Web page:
Some of the Cons

  • Drama: This has nothing to do with Fort Worth or Texas really, but this has been a f’n dramatic 12 months. Some of it isn’t my story to tell, so I’ll omit those parts, but there’s been stuff with family, the whole notion of “real adulthood” (job I might stay at for a while, potential of buying house, clock ticking on kids), me trying to overcome my general feelings of being a worthless POS, me trying to drink less/eat healthier/work out more, and everything else that comes with day-to-day and life and shit. The first year of Minneapolis was hard because we didn’t have a lot of money and it started turning out that the grad program I went to wasn’t all I expected it to be (is anything?), but that year had a lot less drama, or so it felt. (We also got married within that year.) The first year in Ft. Worth has been fun and interesting, but oftentimes dramatic.
  • Friends: I’ve actually probably done better making friends in 1 year here than I did (personally) in 2 years in Minneapolis, but I could use some work here. Here’s the thing, if you’re a Myers-Briggs type person: I guess I’m ENTJ or something. Does that sound right? My wife is essentially the polar opposite. So while I like a lot of experiences and activities and plans, she doesn’t necessarily. She is content to kind of do her own thing or read in the apartment. Sometimes I don’t want to do that. This creates an impasse. I need to get better at managing that impasse — we’ve been together six years and I’m still not all the way there yet — but I also feel like I need more activities, more friends, more things to do. That comes with time, I guess. It’s also a bitch to make friends after 30, although I ain’t complaining. Just gotta go heads-down and get to work on it. I’m thinking about another young professionals group and a beer kickball league.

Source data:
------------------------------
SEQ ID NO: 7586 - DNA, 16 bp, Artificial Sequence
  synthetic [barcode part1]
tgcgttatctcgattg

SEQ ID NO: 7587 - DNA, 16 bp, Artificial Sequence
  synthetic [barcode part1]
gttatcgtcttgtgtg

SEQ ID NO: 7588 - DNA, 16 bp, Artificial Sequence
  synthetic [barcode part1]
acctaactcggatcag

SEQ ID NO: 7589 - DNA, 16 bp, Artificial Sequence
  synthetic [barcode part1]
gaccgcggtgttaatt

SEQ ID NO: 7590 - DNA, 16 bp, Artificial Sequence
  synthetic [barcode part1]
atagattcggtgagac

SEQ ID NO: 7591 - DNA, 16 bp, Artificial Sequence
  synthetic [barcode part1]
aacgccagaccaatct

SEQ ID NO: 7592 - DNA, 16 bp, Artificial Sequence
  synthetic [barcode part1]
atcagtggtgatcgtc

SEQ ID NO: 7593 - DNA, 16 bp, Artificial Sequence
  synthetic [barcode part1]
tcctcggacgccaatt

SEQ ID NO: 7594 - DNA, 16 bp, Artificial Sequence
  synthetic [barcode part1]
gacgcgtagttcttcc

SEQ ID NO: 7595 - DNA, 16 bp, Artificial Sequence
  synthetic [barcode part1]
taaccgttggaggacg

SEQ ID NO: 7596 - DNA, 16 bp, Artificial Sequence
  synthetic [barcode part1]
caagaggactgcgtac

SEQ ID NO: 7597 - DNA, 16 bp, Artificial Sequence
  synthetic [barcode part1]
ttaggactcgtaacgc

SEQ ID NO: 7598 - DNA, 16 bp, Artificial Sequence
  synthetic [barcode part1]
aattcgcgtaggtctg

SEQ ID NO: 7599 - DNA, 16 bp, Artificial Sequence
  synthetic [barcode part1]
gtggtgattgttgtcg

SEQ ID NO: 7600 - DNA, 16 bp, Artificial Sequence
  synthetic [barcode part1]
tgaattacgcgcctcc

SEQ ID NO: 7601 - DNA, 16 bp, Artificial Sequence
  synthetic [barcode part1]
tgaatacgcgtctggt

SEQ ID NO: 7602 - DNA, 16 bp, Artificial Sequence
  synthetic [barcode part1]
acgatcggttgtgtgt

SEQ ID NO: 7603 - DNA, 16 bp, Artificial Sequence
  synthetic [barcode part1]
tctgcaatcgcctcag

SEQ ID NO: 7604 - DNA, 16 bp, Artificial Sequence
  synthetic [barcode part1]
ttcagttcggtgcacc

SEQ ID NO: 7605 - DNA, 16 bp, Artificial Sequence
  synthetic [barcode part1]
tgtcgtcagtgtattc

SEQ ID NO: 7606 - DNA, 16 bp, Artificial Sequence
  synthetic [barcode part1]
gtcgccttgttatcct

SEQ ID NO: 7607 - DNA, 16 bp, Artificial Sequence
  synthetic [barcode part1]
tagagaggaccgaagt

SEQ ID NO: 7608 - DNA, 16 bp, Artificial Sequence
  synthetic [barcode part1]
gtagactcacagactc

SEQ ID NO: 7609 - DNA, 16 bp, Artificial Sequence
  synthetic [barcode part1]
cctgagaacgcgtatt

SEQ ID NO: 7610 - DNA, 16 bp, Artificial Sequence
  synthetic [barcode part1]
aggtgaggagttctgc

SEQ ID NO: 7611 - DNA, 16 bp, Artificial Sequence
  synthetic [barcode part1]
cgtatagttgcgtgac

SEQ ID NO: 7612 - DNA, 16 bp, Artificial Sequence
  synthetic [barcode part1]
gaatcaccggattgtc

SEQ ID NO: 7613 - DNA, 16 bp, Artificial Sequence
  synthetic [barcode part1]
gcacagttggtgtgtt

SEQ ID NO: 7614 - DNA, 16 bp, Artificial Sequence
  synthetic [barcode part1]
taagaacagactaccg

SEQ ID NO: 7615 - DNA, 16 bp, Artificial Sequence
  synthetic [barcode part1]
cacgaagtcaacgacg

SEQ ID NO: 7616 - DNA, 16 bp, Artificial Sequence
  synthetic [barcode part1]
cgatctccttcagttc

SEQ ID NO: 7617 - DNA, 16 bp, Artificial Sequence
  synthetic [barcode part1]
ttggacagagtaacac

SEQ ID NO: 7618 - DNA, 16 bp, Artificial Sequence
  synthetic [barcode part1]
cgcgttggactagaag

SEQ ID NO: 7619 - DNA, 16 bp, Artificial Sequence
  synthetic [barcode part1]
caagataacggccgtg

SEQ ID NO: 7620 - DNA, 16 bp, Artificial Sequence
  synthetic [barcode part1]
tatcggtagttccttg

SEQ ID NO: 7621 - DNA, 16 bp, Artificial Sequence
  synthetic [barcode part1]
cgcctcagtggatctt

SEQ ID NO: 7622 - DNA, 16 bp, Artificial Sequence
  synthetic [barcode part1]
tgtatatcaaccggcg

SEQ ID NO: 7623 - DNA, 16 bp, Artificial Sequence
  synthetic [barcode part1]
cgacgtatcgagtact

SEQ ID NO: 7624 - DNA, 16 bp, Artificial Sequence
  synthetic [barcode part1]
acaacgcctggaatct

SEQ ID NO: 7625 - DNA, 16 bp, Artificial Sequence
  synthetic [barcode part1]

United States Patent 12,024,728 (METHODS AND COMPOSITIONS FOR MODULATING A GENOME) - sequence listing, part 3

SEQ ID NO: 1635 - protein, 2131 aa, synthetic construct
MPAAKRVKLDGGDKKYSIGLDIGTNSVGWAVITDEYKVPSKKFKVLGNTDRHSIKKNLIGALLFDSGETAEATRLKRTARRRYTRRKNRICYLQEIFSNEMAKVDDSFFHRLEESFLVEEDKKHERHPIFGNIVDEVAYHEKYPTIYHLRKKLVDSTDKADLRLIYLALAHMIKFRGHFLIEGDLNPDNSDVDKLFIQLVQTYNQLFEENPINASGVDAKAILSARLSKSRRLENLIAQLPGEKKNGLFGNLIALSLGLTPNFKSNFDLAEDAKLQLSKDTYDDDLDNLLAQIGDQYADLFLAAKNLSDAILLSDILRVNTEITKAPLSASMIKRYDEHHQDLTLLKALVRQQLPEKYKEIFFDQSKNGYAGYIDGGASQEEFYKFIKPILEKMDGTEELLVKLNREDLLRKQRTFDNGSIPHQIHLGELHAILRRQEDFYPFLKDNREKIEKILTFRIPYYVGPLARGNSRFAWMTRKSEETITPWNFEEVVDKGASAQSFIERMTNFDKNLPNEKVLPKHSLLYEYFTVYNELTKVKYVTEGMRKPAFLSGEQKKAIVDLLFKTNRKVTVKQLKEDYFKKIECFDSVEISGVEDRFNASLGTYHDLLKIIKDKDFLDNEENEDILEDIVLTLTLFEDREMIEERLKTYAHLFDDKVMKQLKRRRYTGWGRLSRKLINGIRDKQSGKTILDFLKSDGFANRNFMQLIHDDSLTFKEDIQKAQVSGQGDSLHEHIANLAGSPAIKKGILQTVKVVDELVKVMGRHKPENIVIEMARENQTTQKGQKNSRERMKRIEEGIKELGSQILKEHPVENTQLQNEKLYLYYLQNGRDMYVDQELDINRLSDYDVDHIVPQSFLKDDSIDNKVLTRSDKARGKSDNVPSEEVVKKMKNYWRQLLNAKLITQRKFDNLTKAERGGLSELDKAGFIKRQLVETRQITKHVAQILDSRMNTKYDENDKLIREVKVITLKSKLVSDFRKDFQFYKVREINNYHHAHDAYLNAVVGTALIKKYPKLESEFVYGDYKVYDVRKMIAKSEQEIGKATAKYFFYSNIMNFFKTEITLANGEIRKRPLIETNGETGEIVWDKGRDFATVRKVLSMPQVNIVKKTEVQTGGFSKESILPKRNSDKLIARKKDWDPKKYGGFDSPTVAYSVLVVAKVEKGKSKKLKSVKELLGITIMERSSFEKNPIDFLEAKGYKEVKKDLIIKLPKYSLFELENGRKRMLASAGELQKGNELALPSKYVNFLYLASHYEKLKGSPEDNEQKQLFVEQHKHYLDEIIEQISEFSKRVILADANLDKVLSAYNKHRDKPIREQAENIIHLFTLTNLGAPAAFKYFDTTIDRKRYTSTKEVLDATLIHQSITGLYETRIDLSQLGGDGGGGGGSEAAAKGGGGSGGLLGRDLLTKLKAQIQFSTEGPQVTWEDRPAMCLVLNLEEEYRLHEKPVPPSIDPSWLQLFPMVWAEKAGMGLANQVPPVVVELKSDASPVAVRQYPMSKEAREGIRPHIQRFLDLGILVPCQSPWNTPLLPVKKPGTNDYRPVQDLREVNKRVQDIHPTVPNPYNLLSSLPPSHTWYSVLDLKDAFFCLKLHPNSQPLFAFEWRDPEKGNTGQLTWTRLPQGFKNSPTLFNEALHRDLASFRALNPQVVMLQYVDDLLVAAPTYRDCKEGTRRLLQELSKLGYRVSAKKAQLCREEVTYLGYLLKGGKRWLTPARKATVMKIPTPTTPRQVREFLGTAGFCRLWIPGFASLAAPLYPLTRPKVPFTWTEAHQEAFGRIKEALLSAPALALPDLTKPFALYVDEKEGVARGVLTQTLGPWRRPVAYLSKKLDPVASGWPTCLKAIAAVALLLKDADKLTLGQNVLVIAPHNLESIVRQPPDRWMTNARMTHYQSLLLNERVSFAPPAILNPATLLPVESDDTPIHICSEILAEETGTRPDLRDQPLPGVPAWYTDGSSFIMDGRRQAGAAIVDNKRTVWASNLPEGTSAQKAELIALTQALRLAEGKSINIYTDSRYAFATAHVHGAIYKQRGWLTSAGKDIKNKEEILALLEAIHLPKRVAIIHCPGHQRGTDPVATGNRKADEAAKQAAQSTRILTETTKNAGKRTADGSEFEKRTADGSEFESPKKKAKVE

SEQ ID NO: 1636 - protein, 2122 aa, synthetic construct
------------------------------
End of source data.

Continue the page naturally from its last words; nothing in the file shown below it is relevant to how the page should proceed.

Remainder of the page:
• It’s Hot: The summers here are semi-brutal, but I guess you trade up on the winters as compared to the Northeast. I’m going to this work conference in Vegas in August, and when I land there — in a desert — it’s gonna be cooler than back here. Yep. My wife and I are trying to go hiking more as an outdoor weekend activity, but maybe July in north Texas isn’t the time to start.
  • I sometimes feel off the rails: You ever feel like maybe you don’t understand what your bigger purpose is? I feel this way a lot recently. Maybe I shouldn’t care. It feels like … I have a good job, I have friends all around the country, I’ve made some friends here, I think people like me at work … and yet I still worry about my value and my bigger purpose. Maybe I’m restless. But at the same time, I can’t necessarily define something that I want to do or be known for that would make me feel like, all zen or something. I turn 35 in November. (Seems like a bigger deal, but really isn’t.) I feel like I have a couple of years to figure this out. For now, I just gotta try to be the best me I can. Isn’t that the whole thing?


Ted Bauer


  1. Thanks for sharing. I’m amazed at your ability to be so unabashedly open. I couldn’t do it. My 2 cents about your last point: I think everyone goes through spells of questioning their place in life, what they’re doing, is it the “right” path, etc. My armchair psychologist opinion is that you’re a very driven person who wants to (obviously) succeed and have something to show for all the effort you put into things. Keep at it. Even if you don’t have an exact goal in mind or an exact position you’re striving for, if you keep grinding it out chances are that you’ll run into the right people and set of circumstances that will help fulfill the feelings of accomplishment. Or, maybe I’ve seen too much Dr. Phil, who knows!